IT and security professionals say government laws about data security have many more advantages than disadvantages, according to a new survey by Cisco.
Survey respondents cited strong support for privacy laws with 83% saying these rules have had a positive impact. Based on the survey, respondents value a strong governmental role in protecting privacy as this guidance can provide:
- More consistent standard of care
- Greater clarity on the rights and resources of data owners
- Guidelines as to what data processing activities are allowed or prohibited
The Cisco 2022 Data Privacy Benchmark Study also found that:
- Privacy has become more important to buying processes, management metrics and employee responsibilities
- The ROI of improved privacy practices remains high for the third straight year
- Customers want more transparency about how data is used in automated decision-making
- Data localization requirements are important but expensive
- Aligning privacy with security creates financial and maturity advantages when compared with other organizational models
According to the report, these two metrics show the increased importance of privacy:
- 94% of respondents report privacy metrics to boards of directors
- Data privacy ranked second in the top three priorities for security professionals
The survey includes more than 5,300 security professionals from 27 countries who completed the survey in summer 2021. Survey respondents represent all major industries and a mix of company sizes. The report also includes data from the Cisco 2021 Consumer Privacy Survey.
Privacy budgets are up 13% from 2020 spending levels at an average of $2.7 million in 2021. Respondents also reported a positive return on investment from this spending with 60% or more indicating significant benefits in these areas:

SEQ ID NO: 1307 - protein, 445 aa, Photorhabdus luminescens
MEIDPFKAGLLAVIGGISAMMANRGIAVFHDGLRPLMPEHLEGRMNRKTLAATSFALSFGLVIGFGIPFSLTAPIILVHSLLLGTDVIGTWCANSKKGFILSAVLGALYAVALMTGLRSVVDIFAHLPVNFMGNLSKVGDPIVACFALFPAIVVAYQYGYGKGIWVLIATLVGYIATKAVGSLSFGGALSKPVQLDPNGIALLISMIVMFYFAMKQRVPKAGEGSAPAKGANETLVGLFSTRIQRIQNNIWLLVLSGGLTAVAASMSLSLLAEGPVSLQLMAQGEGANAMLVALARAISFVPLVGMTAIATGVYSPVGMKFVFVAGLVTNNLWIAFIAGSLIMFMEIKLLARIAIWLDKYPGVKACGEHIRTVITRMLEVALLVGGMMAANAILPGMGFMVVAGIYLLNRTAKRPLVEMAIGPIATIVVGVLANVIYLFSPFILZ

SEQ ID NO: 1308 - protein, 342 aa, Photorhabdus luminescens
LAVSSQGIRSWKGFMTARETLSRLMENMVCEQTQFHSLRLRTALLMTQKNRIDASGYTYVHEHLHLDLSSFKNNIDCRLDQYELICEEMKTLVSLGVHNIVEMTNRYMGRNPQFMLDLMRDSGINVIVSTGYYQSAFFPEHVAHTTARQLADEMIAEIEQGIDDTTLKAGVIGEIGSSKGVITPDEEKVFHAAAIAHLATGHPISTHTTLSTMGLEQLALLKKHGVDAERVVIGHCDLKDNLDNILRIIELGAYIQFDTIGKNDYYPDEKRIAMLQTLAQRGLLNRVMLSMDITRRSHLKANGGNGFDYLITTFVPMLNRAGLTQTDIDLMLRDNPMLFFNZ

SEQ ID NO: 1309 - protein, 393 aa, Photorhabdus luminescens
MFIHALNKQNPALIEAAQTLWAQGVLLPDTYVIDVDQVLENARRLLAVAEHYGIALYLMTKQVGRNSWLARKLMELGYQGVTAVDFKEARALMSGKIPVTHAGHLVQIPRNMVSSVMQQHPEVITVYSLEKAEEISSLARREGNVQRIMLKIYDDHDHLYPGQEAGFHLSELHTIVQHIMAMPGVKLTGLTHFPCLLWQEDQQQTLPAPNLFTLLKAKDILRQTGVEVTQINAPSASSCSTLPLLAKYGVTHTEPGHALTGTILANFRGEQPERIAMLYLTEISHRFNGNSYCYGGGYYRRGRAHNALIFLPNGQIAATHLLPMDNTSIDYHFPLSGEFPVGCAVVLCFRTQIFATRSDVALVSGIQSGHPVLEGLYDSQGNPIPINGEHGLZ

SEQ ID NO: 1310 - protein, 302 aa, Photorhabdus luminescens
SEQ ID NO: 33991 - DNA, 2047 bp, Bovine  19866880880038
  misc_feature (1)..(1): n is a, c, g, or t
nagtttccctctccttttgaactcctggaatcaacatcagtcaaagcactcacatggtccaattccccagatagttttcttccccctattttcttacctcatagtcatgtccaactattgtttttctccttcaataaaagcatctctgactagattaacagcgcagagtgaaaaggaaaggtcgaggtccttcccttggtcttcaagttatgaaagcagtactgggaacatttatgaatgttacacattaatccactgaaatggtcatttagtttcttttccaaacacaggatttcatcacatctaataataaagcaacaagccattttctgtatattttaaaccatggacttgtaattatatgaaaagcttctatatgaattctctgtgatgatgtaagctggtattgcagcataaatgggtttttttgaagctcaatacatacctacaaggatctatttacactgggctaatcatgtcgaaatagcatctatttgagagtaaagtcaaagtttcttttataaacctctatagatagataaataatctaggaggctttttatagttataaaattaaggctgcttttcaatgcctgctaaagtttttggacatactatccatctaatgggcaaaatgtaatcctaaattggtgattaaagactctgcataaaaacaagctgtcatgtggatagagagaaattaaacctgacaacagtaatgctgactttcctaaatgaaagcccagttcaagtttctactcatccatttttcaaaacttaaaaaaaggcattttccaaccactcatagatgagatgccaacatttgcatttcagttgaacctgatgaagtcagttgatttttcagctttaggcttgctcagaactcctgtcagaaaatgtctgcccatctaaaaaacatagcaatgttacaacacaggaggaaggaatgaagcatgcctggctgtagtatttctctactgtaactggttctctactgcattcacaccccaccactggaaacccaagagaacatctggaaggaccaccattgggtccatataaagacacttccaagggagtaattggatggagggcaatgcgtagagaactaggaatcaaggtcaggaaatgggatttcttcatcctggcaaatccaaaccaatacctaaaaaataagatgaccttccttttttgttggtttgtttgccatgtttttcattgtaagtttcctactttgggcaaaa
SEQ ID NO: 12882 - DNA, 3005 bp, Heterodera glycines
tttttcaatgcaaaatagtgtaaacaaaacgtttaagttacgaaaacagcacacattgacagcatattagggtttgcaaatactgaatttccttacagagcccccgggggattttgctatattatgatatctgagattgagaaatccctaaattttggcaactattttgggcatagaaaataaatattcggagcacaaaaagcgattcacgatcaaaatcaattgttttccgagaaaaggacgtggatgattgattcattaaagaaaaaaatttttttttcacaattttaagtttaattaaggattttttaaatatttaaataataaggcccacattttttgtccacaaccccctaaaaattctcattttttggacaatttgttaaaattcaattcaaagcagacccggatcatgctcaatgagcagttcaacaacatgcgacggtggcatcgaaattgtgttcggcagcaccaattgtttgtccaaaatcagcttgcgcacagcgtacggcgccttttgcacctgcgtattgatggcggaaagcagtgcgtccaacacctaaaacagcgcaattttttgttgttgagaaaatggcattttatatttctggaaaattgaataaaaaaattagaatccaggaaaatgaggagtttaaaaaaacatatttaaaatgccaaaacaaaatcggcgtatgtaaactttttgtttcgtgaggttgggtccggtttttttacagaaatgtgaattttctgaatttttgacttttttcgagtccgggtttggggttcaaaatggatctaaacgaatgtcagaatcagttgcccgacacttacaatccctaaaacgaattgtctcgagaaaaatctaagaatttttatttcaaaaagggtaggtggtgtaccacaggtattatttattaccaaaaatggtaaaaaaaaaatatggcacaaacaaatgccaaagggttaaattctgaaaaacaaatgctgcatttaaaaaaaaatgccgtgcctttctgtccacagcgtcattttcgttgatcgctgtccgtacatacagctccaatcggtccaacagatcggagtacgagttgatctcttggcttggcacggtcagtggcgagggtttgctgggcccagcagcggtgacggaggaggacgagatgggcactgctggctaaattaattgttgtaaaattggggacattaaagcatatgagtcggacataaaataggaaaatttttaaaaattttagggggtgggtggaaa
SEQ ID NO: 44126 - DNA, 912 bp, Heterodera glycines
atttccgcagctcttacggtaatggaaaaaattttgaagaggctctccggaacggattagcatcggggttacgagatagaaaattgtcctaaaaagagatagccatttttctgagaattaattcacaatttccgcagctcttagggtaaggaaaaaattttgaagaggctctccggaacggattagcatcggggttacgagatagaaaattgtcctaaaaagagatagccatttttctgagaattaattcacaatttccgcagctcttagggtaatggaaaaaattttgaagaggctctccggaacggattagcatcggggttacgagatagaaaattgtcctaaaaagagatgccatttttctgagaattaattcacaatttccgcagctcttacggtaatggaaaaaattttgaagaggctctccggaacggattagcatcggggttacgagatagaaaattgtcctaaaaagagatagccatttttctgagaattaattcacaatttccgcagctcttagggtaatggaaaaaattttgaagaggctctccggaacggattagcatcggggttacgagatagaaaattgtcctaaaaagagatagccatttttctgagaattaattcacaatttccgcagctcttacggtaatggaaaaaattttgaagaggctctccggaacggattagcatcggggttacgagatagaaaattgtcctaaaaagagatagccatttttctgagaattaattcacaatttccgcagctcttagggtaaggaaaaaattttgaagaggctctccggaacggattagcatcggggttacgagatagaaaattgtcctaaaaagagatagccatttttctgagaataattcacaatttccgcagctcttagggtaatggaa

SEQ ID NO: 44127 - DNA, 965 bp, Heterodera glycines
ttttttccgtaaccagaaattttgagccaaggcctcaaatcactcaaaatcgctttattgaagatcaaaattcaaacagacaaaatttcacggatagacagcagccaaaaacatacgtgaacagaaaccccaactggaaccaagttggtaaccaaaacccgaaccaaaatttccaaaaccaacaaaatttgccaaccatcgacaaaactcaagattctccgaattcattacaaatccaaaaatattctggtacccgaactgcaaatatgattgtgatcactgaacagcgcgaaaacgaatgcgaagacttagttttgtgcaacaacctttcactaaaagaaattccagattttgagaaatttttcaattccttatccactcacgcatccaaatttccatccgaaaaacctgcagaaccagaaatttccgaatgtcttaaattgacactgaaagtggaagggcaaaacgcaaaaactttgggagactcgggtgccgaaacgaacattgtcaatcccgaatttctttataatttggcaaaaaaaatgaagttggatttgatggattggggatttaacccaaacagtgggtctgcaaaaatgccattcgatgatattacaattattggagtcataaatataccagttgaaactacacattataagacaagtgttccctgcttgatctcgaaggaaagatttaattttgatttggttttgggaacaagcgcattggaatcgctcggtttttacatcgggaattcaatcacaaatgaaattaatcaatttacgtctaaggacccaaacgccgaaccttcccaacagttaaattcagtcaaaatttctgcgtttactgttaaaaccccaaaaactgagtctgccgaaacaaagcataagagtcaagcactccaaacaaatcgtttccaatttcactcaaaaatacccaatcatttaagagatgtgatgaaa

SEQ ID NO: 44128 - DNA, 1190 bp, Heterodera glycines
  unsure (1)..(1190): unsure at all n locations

- Loyalty and trust
- More attractive company
- Operational efficiency
- Agility and innovation
- Mitigating security losses
- Reducing sales delays
In another survey question about costs, 88% respondents said data localization requirements are adding significant costs to operations. In the 27 countries represented in the survey between 77% (Russia) and 94% (Singapore) said complying with these rules made costs go up. Respondents in the U.S. were in the middle with 87% reporting increased costs, while the UK was at 83%.
When it comes to allocating responsibility for managing privacy, most companies put the IT team (37%) or the security team (34%) in charge. Compliance carries the responsibility in 11% of organizations surveyed with legal and operations at 9% and 8% respectively. The security team edged out the IT team in terms of generating the highest ROI from privacy best practices. Companies that have put security teams in charge of this work are most likely to say that privacy maturity is more advanced than their peer companies.
Not so much progress on the consumer front
IT and security professionals feel confident about progress in protecting privacy and security at work, according to the survey. Consumers are not seeing the same improvements, based on Cisco’s consumer survey. That research found that 46% of respondents can’t protect personal data because it’s “too hard to figure out what companies are doing with my data.”
The survey included questions about acceptable use cases for personal data, including matching sales representatives with customers, deciding credit worthiness and setting prices. About half of all respondents said they would have less trust in a company if artificial intelligence is used for these decisions:
- Mental health counseling
- Job interviews
- Sports equipment marketing
- Credit worthiness